A Nasty New Twist In Ransomware: To Decrypt Your Files Without Paying, Spread The Infection To Others
from the putting-the-mal-in-malware dept
Any user who finds themselves infected with the Popcorn Time malware (named after, but unrelated to, the bittorrent client) is offered the ability to unlock their files for a cash payment, usually one bitcoin ($772.67/£613.20).This really puts the "mal" in "malware," since it makes a naked appeal to a victim's worst nature. A post on the site BleepingComputer.com offers more details of what seems to be a "work" in progress, including a screenshot of the ransom note, which contains the following information about those who claim to be behind this:
But they also have a second option, described by the developers as "the nasty way": passing on a link to the malware. "If two or more people install this file and pay, we will decrypt your files for free".
We are a group of computer science students from Syria, as you probably know Syria is having bad time for the last 5 years. Since 2011 we have more than half million people died and over 5 million refugees. Each part of our team has lost a dear member from his family. I personally have lost both my parents and my little sister in 2015. The sad part of this war is that all the parts keep fighting but eventually we the poor and simple people suffer and watching our family and friends die each day. The world remained silent and no one helping us so we decided to take an action.Well, maybe. But given the ruthlessness of the coders in offering a "nasty way" out of their threats, perhaps this is just another shrewd attempt to manipulate the ransomware victims -- one that is cynically exploiting the very real Syrian tragedy that is unfolding before our eyes.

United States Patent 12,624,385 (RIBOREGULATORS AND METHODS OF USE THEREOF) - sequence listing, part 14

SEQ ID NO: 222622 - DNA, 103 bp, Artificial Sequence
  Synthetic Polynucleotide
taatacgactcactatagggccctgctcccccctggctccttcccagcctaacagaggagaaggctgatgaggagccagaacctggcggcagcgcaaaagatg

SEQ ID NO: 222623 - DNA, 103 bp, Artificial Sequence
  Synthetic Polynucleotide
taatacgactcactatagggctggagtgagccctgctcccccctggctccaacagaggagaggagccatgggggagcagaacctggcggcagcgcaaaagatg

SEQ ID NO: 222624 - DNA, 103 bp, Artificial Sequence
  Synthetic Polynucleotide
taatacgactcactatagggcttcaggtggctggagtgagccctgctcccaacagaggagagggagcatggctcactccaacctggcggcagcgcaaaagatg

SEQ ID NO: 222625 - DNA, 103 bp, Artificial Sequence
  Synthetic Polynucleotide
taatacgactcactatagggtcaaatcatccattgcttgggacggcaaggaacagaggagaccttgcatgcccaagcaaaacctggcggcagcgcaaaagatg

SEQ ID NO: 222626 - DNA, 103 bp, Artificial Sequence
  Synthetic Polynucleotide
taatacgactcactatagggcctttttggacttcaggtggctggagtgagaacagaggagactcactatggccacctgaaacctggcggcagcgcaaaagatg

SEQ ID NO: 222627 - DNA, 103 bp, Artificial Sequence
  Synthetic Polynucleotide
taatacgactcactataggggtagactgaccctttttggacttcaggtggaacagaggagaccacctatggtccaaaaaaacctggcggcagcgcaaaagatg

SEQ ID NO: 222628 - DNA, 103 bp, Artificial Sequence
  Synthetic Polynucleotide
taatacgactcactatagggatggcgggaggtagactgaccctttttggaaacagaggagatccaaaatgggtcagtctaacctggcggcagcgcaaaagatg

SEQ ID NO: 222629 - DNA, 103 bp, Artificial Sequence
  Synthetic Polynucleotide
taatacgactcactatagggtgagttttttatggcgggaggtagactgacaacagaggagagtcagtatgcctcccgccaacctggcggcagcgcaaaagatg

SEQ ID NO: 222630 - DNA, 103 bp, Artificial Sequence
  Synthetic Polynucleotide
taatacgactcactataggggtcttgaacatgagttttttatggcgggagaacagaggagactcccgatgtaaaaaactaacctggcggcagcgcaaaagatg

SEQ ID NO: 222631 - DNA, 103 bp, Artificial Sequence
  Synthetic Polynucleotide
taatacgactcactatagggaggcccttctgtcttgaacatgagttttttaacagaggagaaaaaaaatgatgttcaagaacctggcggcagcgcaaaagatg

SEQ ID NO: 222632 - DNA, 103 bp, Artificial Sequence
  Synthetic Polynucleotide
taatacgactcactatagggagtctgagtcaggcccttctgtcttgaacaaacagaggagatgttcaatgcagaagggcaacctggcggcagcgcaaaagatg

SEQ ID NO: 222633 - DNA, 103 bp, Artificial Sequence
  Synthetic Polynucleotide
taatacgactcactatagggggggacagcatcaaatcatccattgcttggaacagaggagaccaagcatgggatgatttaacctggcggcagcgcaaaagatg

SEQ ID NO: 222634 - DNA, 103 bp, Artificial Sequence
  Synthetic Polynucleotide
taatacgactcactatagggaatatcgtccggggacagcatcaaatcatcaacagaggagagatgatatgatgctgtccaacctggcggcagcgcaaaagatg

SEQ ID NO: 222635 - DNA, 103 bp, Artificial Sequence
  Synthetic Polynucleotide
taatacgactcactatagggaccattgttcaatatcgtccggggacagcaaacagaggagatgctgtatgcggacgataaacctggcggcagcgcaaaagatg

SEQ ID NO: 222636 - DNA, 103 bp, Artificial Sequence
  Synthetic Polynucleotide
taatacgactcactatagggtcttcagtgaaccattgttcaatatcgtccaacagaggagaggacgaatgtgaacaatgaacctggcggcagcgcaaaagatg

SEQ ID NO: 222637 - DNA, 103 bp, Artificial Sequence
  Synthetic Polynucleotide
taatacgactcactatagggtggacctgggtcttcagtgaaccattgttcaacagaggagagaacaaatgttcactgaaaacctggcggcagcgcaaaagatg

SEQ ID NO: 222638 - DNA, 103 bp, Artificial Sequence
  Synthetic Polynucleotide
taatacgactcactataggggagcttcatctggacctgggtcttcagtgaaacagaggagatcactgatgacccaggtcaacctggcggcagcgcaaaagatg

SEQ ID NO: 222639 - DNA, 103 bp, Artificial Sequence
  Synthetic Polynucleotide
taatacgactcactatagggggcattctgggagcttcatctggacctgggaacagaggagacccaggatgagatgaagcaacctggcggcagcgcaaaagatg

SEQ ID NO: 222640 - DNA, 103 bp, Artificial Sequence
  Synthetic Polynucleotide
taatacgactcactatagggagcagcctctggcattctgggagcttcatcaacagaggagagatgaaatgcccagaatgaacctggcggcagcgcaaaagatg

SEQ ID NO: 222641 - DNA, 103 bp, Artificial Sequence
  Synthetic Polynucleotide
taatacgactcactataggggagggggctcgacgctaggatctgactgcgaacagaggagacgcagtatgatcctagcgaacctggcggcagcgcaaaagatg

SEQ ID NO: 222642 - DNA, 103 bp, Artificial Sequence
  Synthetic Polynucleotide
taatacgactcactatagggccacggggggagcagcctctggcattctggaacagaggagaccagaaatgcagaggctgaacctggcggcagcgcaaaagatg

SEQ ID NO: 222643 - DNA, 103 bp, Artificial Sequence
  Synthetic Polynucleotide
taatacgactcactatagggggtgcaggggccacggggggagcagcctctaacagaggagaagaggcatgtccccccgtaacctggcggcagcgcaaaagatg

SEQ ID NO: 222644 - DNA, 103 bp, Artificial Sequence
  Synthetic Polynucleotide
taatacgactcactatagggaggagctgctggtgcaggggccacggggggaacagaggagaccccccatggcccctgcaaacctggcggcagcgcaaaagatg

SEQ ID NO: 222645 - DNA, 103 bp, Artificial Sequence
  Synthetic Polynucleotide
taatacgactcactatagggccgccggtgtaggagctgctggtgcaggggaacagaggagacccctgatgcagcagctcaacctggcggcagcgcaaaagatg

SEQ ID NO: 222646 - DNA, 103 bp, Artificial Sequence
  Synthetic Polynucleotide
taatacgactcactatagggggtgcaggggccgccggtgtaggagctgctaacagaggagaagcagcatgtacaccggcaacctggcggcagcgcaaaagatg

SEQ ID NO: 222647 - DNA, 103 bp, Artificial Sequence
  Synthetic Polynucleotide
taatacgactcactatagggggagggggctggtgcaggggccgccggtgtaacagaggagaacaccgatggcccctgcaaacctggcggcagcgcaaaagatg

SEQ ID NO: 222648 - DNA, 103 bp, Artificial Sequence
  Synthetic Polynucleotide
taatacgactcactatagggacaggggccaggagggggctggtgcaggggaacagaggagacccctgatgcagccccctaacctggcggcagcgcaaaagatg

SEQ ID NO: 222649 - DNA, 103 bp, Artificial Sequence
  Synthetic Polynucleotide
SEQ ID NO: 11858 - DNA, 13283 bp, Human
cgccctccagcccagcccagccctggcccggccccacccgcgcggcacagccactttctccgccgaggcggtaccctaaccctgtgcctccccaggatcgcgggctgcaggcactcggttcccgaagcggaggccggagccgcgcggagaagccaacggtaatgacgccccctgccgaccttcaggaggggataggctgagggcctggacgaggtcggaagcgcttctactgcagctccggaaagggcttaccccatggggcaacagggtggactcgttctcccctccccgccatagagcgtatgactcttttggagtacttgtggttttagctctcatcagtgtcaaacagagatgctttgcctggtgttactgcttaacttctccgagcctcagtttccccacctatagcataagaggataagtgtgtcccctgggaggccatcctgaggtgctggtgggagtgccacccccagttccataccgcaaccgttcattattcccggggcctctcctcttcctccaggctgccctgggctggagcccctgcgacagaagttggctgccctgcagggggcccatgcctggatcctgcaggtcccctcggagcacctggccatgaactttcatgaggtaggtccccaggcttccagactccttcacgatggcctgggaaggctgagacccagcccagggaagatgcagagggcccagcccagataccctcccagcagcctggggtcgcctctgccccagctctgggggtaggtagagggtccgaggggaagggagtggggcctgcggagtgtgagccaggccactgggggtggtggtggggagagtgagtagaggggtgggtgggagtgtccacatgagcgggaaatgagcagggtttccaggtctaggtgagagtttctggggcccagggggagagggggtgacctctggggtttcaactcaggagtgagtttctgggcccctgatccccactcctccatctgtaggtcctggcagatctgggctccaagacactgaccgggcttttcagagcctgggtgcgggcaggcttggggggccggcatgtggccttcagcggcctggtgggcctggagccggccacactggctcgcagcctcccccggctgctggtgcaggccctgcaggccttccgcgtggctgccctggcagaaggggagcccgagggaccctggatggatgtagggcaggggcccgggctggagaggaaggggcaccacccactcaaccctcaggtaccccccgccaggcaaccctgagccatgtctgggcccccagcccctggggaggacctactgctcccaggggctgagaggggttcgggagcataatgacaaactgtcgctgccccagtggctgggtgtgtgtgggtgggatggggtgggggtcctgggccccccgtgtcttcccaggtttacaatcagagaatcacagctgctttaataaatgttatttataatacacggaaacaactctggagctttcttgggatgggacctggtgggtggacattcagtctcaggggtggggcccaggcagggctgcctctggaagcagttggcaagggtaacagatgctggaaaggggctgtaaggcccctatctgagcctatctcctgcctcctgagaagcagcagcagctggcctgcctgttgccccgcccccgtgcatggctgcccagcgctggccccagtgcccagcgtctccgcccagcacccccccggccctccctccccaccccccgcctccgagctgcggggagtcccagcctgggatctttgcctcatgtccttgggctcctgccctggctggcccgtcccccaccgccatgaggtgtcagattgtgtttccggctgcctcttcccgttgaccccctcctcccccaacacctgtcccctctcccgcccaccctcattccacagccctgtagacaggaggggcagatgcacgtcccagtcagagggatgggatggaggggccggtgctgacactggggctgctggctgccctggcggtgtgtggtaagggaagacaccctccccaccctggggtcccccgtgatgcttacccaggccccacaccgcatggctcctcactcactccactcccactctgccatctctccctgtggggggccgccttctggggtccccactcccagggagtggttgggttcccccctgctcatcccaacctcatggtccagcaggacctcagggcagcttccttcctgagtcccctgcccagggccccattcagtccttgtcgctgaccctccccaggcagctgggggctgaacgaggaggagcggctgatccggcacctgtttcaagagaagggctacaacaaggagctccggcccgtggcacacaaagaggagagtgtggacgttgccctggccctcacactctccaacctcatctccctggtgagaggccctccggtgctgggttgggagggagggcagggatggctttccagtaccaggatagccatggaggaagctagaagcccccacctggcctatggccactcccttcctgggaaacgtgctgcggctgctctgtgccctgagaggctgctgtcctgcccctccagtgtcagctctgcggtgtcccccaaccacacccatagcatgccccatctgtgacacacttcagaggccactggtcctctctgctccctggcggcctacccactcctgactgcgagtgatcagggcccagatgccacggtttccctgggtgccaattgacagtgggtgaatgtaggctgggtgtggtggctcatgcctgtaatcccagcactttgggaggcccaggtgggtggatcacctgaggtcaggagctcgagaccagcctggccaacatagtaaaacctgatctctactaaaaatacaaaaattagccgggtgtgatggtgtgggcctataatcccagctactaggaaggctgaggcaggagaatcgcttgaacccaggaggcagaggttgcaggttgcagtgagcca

Be perfectly sure that all the money that we get goes to food, medicine, shelter to our people. We are extremely sorry that we are forcing you to pay but that's the only way that we can keep living.
Until now, malware has been a simple arms race between the authors of harmful code, and the companies making anti-virus products that try to spot the code before it can infect a user's system. The new Popcorn Time ransomware adds a new dimension, and seeks to make the victim an active and complicit vector of infection.
This opens up all kinds of possibilities. For example, we might see ransomware that starts to offer bonuses according to the number of people you infect. You can always claim it was the malware, not you, that sent the program, and nobody will know about your Bitcoin payments. Maybe inventive Techdirt readers can come up with a few more "nasty" ideas that build on this latest twist in ransomware coding.